One Simple Step Toward A Life That Matters: The Daily Media Timeout
Anyone else want to cut their electronic media consumption?
If you raised your hand, you’re not alone. It’s definitely something I’m thinking about. With the average American spending up to 11 hours a day with electronic media, it’s about as hard to find a place to begin as it is to shoot fish in a barrel. But I digress…
My family and are I beginning with a one hour daily media timeout. Here’s how it works:
- Every day, for one hour, we’re putting our smartphones (and similar devices) in a basket on our kitchen table. (There’s nothing magical about one hour, of course; you can start with more or less).
- We also take a break from other electronics – like TV and computers – for that hour.
- No electronics at the dinner table. But, that doesn’t count toward our timeout.
- We try to spend at least some of that time intentionally with each other and focus on what we can do as opposed to what we cannot.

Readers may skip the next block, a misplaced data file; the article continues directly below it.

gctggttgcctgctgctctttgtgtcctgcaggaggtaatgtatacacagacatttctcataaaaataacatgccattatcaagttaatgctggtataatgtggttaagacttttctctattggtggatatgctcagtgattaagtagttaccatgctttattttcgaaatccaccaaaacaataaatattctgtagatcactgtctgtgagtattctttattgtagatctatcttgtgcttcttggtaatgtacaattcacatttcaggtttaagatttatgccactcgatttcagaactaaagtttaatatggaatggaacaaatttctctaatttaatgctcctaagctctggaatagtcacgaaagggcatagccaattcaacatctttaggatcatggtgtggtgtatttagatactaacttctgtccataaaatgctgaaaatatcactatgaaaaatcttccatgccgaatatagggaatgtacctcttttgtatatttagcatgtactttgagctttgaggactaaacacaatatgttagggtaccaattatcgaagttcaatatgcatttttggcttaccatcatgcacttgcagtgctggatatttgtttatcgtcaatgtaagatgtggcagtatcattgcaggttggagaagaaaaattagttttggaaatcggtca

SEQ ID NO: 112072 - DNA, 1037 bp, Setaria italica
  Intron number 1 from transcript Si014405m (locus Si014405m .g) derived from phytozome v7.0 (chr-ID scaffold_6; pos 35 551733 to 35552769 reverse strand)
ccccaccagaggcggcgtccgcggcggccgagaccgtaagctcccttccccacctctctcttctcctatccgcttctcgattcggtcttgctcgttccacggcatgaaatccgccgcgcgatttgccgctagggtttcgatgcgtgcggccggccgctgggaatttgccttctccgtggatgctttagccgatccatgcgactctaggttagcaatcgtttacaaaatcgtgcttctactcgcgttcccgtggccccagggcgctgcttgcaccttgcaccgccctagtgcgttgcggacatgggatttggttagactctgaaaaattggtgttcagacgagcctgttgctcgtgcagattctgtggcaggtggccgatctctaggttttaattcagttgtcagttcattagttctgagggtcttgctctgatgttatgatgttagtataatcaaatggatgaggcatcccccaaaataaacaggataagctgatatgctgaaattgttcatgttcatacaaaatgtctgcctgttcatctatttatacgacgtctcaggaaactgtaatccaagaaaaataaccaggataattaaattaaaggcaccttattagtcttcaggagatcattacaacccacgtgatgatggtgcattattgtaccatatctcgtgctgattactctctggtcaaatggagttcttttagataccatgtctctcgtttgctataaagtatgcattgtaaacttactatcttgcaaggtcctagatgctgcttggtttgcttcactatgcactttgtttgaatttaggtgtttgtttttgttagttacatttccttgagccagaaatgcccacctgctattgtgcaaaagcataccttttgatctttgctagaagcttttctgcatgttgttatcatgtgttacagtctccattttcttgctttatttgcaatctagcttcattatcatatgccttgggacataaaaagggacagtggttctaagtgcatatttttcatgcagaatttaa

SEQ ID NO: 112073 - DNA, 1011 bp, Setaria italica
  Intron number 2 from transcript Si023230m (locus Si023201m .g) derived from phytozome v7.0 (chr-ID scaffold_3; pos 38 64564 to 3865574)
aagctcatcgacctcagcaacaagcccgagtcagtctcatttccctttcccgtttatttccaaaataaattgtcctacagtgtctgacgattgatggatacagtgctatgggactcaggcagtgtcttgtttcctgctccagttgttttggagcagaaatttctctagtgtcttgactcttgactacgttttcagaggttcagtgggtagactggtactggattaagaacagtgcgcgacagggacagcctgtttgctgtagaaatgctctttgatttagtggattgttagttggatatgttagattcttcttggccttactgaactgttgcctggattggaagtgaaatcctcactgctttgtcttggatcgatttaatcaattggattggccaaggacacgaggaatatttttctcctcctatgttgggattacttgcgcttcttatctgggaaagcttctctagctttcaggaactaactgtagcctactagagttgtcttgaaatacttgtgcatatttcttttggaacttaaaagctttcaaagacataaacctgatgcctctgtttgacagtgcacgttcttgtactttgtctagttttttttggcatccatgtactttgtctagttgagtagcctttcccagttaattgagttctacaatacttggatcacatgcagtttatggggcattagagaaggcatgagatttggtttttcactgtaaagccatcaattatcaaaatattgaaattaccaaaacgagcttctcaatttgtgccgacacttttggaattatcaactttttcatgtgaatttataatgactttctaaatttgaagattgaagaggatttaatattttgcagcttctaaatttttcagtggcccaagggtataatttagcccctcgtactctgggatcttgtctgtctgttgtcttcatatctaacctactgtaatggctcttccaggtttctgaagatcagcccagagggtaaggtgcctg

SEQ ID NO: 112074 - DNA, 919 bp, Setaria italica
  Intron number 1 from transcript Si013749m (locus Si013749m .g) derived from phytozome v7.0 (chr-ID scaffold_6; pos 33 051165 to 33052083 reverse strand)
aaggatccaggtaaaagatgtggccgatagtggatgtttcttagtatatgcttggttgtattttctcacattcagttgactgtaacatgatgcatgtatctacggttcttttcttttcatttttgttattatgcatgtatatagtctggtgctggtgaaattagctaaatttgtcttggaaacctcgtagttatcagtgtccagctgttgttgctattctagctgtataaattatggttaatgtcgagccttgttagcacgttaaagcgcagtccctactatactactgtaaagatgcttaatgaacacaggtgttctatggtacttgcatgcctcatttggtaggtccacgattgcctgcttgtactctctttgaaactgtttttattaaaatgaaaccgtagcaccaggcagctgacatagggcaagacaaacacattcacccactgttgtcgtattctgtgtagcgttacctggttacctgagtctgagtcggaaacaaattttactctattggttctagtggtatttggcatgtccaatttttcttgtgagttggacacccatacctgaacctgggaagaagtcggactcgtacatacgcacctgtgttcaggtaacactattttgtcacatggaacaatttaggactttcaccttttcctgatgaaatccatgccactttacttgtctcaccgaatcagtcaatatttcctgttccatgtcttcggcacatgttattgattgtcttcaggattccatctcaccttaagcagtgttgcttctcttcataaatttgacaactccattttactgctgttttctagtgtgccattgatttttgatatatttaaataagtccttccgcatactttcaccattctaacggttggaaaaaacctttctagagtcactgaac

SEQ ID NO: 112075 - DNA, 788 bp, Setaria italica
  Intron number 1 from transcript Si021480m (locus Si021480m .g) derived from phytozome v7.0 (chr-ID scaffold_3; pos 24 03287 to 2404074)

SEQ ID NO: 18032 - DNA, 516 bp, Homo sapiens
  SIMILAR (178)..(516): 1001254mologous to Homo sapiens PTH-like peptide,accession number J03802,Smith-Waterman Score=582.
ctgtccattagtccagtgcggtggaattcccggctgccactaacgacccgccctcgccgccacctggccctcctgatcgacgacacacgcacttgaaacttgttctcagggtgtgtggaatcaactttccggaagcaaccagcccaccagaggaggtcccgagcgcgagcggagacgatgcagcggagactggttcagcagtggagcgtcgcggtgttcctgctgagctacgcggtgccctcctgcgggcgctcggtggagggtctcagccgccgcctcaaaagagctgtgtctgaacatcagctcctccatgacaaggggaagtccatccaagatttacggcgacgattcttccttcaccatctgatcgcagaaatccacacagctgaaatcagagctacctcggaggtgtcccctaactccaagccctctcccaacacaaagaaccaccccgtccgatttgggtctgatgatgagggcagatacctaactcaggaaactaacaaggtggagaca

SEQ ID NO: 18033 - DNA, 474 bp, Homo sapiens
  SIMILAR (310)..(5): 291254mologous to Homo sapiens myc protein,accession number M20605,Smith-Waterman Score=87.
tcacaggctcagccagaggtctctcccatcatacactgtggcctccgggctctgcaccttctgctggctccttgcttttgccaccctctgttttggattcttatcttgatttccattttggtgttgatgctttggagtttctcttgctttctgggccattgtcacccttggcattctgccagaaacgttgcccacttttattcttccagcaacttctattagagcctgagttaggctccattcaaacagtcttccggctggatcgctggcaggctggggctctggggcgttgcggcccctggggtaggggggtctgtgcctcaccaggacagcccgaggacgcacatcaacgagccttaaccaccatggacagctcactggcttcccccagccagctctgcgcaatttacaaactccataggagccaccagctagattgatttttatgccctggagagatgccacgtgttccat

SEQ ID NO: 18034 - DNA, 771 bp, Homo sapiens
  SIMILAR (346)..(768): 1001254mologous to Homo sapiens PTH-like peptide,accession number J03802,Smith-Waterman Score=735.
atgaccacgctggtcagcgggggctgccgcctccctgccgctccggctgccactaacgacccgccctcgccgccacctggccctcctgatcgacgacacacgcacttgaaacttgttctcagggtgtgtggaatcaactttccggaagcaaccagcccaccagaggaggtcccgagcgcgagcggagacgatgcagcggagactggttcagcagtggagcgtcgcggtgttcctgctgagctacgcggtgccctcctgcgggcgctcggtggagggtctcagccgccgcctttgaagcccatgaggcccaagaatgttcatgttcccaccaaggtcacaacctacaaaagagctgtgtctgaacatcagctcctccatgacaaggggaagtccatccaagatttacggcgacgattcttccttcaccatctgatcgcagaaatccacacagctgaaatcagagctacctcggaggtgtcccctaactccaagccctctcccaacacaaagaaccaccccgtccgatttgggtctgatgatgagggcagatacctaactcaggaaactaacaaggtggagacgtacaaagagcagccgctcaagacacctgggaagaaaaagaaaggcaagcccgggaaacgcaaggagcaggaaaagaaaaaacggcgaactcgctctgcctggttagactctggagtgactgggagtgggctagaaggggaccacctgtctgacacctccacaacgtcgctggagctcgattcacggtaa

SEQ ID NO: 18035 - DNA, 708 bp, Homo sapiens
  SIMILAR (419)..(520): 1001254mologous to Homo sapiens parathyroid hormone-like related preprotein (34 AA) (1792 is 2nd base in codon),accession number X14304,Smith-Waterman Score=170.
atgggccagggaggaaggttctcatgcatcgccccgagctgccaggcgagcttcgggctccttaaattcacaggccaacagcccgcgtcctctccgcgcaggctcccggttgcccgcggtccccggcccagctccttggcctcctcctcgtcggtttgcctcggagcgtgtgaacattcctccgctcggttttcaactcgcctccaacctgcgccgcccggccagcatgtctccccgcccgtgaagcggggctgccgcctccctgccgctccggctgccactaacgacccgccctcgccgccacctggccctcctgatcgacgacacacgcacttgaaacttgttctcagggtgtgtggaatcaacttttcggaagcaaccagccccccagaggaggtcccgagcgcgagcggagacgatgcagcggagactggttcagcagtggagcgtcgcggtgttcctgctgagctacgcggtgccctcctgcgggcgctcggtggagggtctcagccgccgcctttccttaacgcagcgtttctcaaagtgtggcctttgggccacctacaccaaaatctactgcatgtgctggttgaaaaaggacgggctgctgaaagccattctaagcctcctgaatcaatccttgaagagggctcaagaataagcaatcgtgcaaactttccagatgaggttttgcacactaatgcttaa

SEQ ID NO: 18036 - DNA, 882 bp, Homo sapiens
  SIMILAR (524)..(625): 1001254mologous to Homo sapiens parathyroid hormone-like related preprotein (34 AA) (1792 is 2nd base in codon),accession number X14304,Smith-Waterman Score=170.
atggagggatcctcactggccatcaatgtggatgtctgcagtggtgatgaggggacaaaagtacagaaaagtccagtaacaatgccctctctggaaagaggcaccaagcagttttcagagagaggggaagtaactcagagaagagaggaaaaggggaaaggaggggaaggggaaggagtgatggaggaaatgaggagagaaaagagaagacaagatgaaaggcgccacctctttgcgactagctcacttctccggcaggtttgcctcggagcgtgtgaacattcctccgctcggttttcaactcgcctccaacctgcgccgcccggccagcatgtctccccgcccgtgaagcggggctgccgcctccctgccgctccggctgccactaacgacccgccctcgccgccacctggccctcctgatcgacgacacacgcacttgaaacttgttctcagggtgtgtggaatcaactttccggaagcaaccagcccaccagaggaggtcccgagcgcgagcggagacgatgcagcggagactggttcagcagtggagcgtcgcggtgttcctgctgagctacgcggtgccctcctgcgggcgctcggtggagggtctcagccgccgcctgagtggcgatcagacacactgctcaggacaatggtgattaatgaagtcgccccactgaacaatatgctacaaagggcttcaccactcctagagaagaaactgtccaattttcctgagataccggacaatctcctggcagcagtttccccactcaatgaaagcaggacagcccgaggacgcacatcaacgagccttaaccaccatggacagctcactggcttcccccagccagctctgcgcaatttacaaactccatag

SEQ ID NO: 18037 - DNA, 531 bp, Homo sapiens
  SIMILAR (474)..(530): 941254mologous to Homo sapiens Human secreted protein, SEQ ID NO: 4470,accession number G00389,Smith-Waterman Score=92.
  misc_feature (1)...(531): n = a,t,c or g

We don’t obsess about when exactly we do it, but we do it when everyone’s home. For us, that usually begins around 4:30 or 5pm. Eventually, I hope to help us take longer breaks, maybe even up to a week. (Stoudt Family, consider yourself warned!)
- Expect serious pushback from older kids. Be understanding, be patient and invite them to do something fun with you. I wound up playing Monopoly with our fifteen-year-old one day.
- This idea needs a champion. You’re swimming upstream with this idea, so someone (translation: an adult) needs to set the tone with this one for it to get off the ground.
- If you miss a day – or three (we do) – don’t beat yourself up. Start again tomorrow.
Even if you’re single, you can give yourself a break from electronics. Regardless of your family size, the key is focusing on what you can do with your new-found, undistracted, time.
How do you and your family try to limit your time with electronics? What could you do more of by using electronics less?